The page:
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Something wrong w/ my Lucky Bamboo!

Gardening Reference » Gardening in 2004
by Lily789 on August 22, 2004 08:02 PM
I've had this lucky bamboo for 1-2 years. For the past few months the leaves have turned a pale green color. Just recently, two of the older leaves yellowed and fell off, and now the newest leaf looks yellowish too. It doesn't seem to be growing anymore.

It's in my living room (where it's always been since I got it), with good light. It's potted in a watertight container with gravel inside. I fertilize every few weeks. I water every few days so the pot is completely filled with water. I checked the roots a few weeks ago and they seem to be healthy.

What's wrong? What should I do?

Thanks for any help! [Wink]

What's the problem?

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~Lily
by papito on August 23, 2004 05:36 PM
Things to remember about Lucky Bamboo care:

1.Use distilled water or if using tap water, let the water sit overnight to allow chlorine to evaporate. Chlorinated and/or Fluoridated water are bad for the plant.

2. The plant doesn't need fertilizing. Adding fertilizer causes accumulated salt. Salt causes chemical burn in leaves.

3. Lucky bamboos doesn't need direct sunlight. The plant can survive in low light in hallways, bathrooms, etc.

For additional info, pls. see links below:

Lucky Bamboo Plant Care 1

Lucky Bamboo Plant Care 2

Lucky Bamboo Plant Care 3

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Amor est vitae essentia.
Love is the essence of life.
by KDH on August 26, 2004 05:39 AM
Ditto,

No fertilizer necessary, in fact could harm! Just keep the water full, distilled if possible. Bamboo of all kinds thrive in the poorest conditions. I just purchased Black Bamboo and found out that they just need protection...this is all bamboo...water is the most important component. We as gardeners want to provide the best possible conditions, however, some just thrive in the most basic of conditions...Go Figure??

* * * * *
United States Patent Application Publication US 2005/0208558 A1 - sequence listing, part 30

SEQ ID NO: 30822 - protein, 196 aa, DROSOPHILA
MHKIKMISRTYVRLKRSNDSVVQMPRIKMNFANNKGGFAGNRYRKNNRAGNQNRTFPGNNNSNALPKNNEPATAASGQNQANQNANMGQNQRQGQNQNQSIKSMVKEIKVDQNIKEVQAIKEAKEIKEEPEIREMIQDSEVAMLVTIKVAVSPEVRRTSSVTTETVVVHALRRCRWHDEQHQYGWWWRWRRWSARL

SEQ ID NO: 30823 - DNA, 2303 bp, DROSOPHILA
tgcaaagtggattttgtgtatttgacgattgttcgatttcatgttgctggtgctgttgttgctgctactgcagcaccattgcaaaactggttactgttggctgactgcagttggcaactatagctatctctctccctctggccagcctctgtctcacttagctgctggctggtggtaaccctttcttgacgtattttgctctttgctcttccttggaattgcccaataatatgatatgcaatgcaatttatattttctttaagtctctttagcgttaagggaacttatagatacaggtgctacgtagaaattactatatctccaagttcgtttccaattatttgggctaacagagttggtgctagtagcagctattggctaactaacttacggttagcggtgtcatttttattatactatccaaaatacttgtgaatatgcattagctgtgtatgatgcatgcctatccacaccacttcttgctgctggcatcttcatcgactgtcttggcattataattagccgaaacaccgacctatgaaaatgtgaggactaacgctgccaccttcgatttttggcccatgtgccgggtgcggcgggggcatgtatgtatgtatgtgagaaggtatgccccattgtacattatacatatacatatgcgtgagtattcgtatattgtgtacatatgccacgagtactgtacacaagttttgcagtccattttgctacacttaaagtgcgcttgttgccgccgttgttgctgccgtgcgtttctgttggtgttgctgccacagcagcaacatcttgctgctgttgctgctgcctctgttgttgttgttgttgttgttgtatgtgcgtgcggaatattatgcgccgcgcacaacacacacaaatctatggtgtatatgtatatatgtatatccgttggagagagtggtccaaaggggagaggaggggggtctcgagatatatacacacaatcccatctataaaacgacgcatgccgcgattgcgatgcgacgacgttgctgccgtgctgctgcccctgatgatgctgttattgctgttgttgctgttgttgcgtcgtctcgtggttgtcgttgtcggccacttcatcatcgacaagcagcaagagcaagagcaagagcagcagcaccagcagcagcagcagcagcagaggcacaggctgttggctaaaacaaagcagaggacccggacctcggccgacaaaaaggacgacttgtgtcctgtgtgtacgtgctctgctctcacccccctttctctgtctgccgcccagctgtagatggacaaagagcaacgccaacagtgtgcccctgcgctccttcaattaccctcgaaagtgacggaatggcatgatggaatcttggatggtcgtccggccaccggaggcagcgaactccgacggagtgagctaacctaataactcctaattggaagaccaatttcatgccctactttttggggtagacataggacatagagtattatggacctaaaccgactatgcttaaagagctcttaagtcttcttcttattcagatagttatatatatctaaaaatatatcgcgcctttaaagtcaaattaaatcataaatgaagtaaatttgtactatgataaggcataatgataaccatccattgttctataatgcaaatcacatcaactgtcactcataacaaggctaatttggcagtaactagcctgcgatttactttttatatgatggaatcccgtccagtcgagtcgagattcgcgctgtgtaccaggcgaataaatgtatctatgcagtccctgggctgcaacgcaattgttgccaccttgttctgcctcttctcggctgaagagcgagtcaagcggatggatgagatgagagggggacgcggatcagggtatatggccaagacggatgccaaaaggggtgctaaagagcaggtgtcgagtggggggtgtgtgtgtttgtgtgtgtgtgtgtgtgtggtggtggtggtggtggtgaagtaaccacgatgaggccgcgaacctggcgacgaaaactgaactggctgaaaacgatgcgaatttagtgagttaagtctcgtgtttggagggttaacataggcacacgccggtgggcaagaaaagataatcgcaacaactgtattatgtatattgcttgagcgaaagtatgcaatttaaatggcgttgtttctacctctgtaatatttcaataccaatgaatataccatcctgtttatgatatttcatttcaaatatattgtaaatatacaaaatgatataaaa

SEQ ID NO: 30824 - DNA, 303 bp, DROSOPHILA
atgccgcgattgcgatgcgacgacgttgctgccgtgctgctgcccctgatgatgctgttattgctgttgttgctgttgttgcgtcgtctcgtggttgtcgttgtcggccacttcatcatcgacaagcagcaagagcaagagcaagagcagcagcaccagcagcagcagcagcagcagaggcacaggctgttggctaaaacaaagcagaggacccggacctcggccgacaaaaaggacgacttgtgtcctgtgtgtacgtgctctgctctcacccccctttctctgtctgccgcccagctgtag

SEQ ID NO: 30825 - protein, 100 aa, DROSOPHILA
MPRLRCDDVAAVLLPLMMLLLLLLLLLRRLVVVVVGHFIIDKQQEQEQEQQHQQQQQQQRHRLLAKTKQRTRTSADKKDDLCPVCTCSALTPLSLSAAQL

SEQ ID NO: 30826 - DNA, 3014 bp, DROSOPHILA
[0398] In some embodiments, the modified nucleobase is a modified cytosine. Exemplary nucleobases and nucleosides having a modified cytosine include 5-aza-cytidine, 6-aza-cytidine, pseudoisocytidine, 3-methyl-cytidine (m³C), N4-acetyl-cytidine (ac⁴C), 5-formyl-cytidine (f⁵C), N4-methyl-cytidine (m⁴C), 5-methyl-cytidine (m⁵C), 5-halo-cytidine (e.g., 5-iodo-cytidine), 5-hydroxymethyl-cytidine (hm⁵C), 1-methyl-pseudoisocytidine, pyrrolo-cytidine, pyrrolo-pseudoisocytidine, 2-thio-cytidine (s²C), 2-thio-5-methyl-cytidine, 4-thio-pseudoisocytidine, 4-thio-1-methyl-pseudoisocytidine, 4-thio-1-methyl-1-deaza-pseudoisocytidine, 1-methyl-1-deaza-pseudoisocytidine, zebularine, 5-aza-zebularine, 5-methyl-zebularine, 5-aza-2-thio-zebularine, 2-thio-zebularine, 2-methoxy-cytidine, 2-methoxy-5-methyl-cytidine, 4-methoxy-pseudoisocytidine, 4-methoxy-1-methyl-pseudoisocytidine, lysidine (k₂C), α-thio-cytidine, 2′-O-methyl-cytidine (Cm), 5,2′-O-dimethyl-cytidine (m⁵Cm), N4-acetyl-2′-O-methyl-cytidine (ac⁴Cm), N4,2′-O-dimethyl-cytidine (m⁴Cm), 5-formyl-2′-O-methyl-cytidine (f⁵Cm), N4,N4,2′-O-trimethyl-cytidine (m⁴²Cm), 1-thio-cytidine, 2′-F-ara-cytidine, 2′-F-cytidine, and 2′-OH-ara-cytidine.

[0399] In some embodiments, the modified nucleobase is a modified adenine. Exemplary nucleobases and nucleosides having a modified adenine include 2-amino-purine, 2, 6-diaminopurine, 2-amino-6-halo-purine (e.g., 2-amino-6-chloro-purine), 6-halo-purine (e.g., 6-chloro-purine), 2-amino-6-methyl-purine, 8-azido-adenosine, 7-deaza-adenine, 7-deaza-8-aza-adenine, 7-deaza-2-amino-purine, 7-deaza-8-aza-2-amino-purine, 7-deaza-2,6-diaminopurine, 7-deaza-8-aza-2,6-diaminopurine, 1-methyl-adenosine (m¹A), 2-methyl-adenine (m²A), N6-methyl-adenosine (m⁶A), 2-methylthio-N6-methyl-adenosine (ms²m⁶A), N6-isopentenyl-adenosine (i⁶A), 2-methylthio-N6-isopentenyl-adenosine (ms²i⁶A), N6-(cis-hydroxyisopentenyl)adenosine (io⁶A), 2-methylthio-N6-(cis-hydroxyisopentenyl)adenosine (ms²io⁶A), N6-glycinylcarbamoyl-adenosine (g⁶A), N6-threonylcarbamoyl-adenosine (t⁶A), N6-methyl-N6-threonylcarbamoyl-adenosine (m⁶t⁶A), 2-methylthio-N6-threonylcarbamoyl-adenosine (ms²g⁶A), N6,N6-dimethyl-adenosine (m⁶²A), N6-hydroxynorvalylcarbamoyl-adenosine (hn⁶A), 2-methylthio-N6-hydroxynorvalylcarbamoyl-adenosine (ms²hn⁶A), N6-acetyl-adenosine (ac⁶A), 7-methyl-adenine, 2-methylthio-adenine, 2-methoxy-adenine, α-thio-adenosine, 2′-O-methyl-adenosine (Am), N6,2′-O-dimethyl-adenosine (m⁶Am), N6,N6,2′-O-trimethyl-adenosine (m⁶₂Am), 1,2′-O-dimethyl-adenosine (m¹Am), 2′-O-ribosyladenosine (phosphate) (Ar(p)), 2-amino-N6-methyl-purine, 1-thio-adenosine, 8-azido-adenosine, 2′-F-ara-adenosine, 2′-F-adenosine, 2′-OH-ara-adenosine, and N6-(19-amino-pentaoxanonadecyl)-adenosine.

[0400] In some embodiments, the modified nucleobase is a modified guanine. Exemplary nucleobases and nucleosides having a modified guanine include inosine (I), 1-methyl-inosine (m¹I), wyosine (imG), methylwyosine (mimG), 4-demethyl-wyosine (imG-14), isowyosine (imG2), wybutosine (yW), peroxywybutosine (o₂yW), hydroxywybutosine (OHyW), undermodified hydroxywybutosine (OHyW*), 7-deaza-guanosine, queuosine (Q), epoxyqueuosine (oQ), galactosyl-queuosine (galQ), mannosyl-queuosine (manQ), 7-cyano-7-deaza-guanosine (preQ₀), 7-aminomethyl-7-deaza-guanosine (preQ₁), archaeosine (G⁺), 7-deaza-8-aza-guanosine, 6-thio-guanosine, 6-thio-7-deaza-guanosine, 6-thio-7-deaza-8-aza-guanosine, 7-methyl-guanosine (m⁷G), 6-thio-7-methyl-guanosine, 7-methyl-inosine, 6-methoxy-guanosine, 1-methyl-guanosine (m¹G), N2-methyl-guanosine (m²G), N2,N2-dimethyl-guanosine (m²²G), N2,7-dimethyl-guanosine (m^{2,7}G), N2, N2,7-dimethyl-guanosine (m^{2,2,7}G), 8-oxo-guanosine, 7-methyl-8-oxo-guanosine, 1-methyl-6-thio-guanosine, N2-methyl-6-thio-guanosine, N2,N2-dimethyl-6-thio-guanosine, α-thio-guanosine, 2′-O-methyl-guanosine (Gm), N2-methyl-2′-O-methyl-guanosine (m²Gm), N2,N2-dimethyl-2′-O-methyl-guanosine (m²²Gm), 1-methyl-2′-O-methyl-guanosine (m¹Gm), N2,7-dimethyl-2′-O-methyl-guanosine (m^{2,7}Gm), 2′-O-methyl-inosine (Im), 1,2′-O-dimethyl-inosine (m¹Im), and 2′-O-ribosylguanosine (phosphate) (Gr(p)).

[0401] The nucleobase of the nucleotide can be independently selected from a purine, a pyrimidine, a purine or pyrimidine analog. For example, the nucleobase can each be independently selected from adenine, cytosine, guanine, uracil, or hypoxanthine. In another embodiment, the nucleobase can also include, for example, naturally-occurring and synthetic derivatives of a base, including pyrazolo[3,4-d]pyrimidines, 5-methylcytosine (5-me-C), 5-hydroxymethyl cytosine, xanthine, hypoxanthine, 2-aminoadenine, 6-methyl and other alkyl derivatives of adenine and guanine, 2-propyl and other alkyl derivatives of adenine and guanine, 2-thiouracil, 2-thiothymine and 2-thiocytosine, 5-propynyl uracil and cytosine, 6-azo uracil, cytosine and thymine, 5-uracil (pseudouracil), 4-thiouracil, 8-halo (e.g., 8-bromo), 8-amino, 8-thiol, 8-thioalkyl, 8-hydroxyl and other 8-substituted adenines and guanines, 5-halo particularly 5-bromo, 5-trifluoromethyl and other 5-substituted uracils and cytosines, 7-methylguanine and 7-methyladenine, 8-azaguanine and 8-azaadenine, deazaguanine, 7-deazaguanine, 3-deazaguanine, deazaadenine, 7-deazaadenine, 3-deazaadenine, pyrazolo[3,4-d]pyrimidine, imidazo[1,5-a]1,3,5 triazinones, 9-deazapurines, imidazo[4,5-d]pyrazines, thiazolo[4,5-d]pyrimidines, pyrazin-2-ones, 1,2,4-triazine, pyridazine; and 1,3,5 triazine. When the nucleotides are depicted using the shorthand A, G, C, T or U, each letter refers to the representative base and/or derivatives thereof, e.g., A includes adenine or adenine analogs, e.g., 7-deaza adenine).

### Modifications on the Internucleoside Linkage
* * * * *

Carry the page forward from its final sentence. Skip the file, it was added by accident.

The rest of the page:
Kindest Regards,
Karen

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The More I know, the more I know I need to know more
by mich168 on August 26, 2004 07:37 AM
Lucky Bamboo (Dracaena Sanderiana)

Lucky Bamboo grows naturally under the canopy of wet tropical rain forests. It needs very little sunlight to thrive and does not respond well to temperatures below 60 degrees F. Lucky Bamboo must be kept moist all the time. It prefers to live in a soil mixture, as long as this soil holds a lot of water. Since neither water nor soil contains the vitamins, minerals and hormones that are found in Lucky Bamboo's natural growing environment, supplementation is recommended. One drop of each added each time the water is refreshed, is all that is needed.
If you see burning or browning on the tips of the leaves, the location may receive too much sunlight Another cause of yellowing /browning leaves is water. If you live in a city where fluoride is added to the water, or has a high chlorine or salt content, one or a combination of these factors will cause this problem. Yellowing is first seen at the tips of the leaves and then spreads throughout the whole stalk until it dies. It is vital to provide pure, clean water, either by adding an effective filtering system to your tap, or by purchasing water for this purpose. If you suspect that this is your problem, and you improve the quality of your water, allow time for healthy, new foliage to form before concluding that something else must be wrong.

Light green leaves means that it is nutrient deficent. Your plant needs to be in dirt.

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by ShannonM022 on September 08, 2004 06:18 PM
I have a bamboo and I just put in a small jar/glass type thing with colored rocks and fill it up with water. I re-fill the jar when the water looks low or yucky with warm tap water and mine doesnt get much sun. And mine has been doing great for about a year now.
by mich168 on September 12, 2004 07:55 AM
Mine did great for the 1st year too. By year 2, it was dying, leaves were light green, then yellow then dead. I put it in dirt, a bit too late and lost all of the origional stems. But 3 new stems have now popped-up from underneath the dirt and they are a dark, healthy green.

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